Ford Foundation Professor of Law and Social Sciences
Vicki Schultz is the Ford Foundation Professor of Law and Social Sciences at Yale Law School. An expert in law and social science, the workplace, discrimination, and the family, she has written and lectured widely on a variety of subjects, including sexual harassment, sex segregation on the job, work-family issues, working time, the meaning of work in people’s lives, household labor, same-sex marriage, and marriage generally.FULL BIOGRAPHY
Education & Curriculum Vitae
J.D., Harvard Law School
B.A., University of Texas
- Employment Discrimination Law
- Family Law
- Family, State and Market
- Workplace Theory and Policy
- Work and Gender
- Law and Social Science
- Feminist Theory
Vicki Schultz is the Ford Foundation Professor of Law and Social Sciences at Yale Law School, where she teaches courses on the family, state and market, family law, employment discrimination law, workplace theory and policy, work and gender, law and social science, feminist theory, and related subjects. Schultz has written and lectured widely on a variety of subjects related to antidiscrimination law, including sexual harassment, sex segregation on the job, work-family issues, working hours, and the meaning of work in people’s lives. She has also lectured on family law and intimate life, including topics related to same-sex marriage and marriage generally. Her published work includes “Feminism and Workplace Flexibility,” 42 Connectitcut Law Review 1203 (2010),“The Sanitized Workplace Revisited,” in Martha Fineman, Jack Jackson and Adam Romero, eds., FEMINIST AND QUEER LEGAL THEORY (2009), “Sex and Work,” 18 Yale Journal of Law and Feminism 223 (2006), “The Need for a Reduced Workweek in the United States,” in Judith Fudge & Rosemary Owen, eds., THEORY PRECARIOUS WORK, WOMEN, AND THE NEW ECONOMY: THE CHALLENGE TO LEGAL NORMS (2006), “The Sanitized Workplace,” 112 Yale Law Journal 2061 (2003), “Life’s Work,” 100 Columbia Law Review 1881 (2000), “Reconceptualizing Sexual Harassment,” 107 Yale Law Journal 1683 (1998), and “Telling Stories About Women and Work: Judicial Interpretations of Sex Segregation on the Job in title VII Cases Raising the Lack of Interest Argument,” 103 Harvard Law Review 1749 (1990).
Professor Schultz is currently working on an intellectual history of antidiscrimination law, “Antidiscrimination as Disruption,” that lays out the historical conceptual frameworks for understanding and addressing discrimination and then traces the emergence of a new framework that treats the formation of social identity as a fluid process in which institutional dynamics play a significant role. With co-author Michael Yarbrough, she is also writing an article, “Will Marriage Make Gay and Lesbian Couples Less Egalitarian? A Cautionary Tale,” that analyzes the likely effects of legal marriage on the division of housework and childcare in gay and lesbian households. At the heart of this article are the questions: what is marriage and what work does it do?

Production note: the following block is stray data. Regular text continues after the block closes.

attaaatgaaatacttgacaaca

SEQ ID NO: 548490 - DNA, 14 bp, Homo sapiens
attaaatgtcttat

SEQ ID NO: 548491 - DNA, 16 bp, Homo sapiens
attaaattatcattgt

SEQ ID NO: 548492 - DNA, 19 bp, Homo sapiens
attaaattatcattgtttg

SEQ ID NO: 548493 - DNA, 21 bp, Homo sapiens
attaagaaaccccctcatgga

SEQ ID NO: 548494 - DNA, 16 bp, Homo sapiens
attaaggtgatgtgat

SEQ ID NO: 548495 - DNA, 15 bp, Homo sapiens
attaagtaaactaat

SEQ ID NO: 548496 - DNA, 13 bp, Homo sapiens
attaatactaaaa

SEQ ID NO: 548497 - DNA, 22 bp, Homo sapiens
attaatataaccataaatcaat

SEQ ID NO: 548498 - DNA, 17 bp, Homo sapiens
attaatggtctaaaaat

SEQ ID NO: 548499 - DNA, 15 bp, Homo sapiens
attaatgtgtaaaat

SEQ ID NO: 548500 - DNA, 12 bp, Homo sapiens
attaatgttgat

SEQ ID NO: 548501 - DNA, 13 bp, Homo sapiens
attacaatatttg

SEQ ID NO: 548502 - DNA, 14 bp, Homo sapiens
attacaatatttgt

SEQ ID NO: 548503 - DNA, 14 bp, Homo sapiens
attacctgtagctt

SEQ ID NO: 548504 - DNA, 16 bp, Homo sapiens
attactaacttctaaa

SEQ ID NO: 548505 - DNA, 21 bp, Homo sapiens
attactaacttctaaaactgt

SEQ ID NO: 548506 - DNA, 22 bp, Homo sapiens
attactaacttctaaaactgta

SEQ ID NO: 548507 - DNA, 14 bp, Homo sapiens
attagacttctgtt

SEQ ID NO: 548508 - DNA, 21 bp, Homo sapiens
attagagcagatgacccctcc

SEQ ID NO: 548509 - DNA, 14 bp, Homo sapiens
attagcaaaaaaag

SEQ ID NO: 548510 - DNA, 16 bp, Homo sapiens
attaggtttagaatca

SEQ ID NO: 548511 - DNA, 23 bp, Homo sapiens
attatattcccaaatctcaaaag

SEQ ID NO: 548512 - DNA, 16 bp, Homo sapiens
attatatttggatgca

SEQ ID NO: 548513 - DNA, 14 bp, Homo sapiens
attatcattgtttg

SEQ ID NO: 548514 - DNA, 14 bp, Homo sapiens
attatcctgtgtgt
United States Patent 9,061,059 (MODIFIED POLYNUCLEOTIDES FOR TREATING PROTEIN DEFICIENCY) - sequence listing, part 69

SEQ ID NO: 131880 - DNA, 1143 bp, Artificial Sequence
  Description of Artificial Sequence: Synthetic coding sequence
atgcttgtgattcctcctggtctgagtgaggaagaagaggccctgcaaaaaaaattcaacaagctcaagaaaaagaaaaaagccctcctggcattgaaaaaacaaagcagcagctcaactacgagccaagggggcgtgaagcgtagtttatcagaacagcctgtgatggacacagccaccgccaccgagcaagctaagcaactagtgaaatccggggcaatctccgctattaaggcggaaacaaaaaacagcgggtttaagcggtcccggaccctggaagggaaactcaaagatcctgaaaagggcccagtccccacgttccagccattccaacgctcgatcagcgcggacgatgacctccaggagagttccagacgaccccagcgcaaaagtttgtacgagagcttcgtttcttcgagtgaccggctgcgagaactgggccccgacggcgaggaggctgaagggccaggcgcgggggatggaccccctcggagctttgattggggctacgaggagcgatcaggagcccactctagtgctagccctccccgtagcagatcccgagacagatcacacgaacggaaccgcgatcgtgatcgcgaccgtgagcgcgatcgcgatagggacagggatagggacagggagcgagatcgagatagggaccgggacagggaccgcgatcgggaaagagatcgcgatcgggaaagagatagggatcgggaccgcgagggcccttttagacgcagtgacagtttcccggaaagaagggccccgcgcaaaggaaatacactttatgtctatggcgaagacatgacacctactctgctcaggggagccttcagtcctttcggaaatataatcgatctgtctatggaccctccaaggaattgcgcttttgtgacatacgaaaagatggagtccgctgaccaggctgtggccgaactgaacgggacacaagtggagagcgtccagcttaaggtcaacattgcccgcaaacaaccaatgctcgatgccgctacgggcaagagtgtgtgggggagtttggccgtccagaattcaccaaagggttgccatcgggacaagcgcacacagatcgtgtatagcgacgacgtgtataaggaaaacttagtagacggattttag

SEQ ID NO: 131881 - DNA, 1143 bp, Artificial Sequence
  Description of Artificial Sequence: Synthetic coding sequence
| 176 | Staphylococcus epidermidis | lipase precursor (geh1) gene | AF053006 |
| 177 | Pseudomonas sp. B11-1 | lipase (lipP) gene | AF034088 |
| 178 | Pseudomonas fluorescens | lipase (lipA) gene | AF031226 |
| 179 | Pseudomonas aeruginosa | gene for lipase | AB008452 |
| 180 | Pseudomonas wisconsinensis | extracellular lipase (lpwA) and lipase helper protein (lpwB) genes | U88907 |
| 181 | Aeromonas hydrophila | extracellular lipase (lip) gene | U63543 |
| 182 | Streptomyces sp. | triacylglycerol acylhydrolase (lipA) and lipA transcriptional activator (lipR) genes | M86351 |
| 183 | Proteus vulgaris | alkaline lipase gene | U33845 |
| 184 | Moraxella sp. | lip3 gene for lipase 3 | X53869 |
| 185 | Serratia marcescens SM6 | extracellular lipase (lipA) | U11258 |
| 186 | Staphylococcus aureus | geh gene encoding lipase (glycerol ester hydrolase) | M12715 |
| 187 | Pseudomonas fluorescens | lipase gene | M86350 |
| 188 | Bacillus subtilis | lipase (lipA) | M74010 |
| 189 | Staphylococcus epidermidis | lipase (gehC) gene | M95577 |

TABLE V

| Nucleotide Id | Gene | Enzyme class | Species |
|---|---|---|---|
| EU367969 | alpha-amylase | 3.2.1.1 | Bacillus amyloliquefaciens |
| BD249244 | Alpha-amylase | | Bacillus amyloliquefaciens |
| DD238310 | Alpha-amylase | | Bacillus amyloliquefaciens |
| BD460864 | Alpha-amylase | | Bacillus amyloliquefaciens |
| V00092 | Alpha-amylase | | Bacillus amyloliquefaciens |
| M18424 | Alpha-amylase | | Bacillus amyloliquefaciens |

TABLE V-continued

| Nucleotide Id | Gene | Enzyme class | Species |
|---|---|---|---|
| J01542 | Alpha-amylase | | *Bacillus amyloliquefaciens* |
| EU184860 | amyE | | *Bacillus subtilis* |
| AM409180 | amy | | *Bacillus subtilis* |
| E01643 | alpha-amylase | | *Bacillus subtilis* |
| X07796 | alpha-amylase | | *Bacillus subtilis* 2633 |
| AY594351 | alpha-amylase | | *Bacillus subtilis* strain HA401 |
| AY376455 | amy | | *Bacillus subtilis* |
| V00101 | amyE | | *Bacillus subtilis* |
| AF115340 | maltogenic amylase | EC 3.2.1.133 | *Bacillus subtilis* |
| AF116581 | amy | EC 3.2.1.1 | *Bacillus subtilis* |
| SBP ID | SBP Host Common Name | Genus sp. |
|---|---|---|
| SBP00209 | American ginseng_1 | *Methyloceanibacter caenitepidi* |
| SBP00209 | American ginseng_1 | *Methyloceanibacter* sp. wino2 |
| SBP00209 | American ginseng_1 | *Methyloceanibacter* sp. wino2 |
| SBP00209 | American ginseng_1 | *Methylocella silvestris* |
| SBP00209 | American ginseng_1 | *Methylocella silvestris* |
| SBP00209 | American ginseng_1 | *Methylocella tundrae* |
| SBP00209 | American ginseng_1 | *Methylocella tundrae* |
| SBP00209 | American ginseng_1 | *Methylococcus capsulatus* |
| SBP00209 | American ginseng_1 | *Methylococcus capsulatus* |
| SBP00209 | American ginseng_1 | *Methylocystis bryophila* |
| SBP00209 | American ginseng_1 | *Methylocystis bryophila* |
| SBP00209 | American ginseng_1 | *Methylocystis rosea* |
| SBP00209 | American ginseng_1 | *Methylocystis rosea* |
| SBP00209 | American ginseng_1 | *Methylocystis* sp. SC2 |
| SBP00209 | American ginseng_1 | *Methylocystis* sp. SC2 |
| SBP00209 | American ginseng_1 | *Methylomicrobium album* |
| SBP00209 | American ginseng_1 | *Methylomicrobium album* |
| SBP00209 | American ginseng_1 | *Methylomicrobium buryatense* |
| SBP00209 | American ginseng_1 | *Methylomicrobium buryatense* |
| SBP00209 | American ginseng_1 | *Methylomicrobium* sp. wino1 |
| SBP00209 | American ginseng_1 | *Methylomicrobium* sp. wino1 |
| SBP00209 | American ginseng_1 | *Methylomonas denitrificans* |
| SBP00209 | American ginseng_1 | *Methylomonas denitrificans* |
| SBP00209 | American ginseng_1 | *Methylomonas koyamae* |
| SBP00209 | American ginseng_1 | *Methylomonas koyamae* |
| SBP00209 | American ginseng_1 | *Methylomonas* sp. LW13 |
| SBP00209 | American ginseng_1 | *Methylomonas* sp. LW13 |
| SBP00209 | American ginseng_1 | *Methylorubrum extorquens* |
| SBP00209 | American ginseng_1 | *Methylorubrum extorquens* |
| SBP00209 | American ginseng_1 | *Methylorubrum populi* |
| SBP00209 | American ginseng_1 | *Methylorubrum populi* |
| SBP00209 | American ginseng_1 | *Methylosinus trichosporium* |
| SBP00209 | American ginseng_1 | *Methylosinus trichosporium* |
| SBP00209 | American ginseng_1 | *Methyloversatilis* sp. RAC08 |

Schultz's work has been influential in scholarly circles in both law and the social sciences; her work has also been cited widely in the courts and the national news media. She has been quoted in The New York Times Magazine, The New Yorker, Ms. Magazine, and many major newspapers; she has appeared on The News Hour with Jim Lehrer, The CBS Evening News, ABC World News Tonight, Good Morning America, and National Public Radio.
Schultz has held a number of significant professional posts, fellowships and visiting professorships. She is a past president of the Labor and Employment Section of the Association for American Law Schools and a past Trustee of the Law and Society Association. She has been the Evelyn Green Davis Fellow at the Radcliffe Institute for Advanced Study at Harvard University, a fellow at the Center for the Advanced Study of the Behavioral Sciences at Stanford University, and a fellow at the Whitney Humanities Center at Yale University. She has been a visiting professor at Harvard Law School (her alma mater), and in 2010-2011, she was the MacDonald-Wright Visiting Professor of Law and Faculty Chair of the Williams Institute at the UCLA School of Law. A former trial attorney at the United States Department of Justice, Civil Rights Division, Schultz began her academic career at the University of Wisconsin Law School, where she became interested in law and sociology. At Yale Law School, she runs the Workplace Theory and Policy Workshop and has also headed the Work and Welfare group, an interdisciplinary group of scholars who study inequalities produced by different social welfare regimes, labor market institutions, and family formations. Schultz lives in Connecticut with her daughter Natalie and their cat Jack.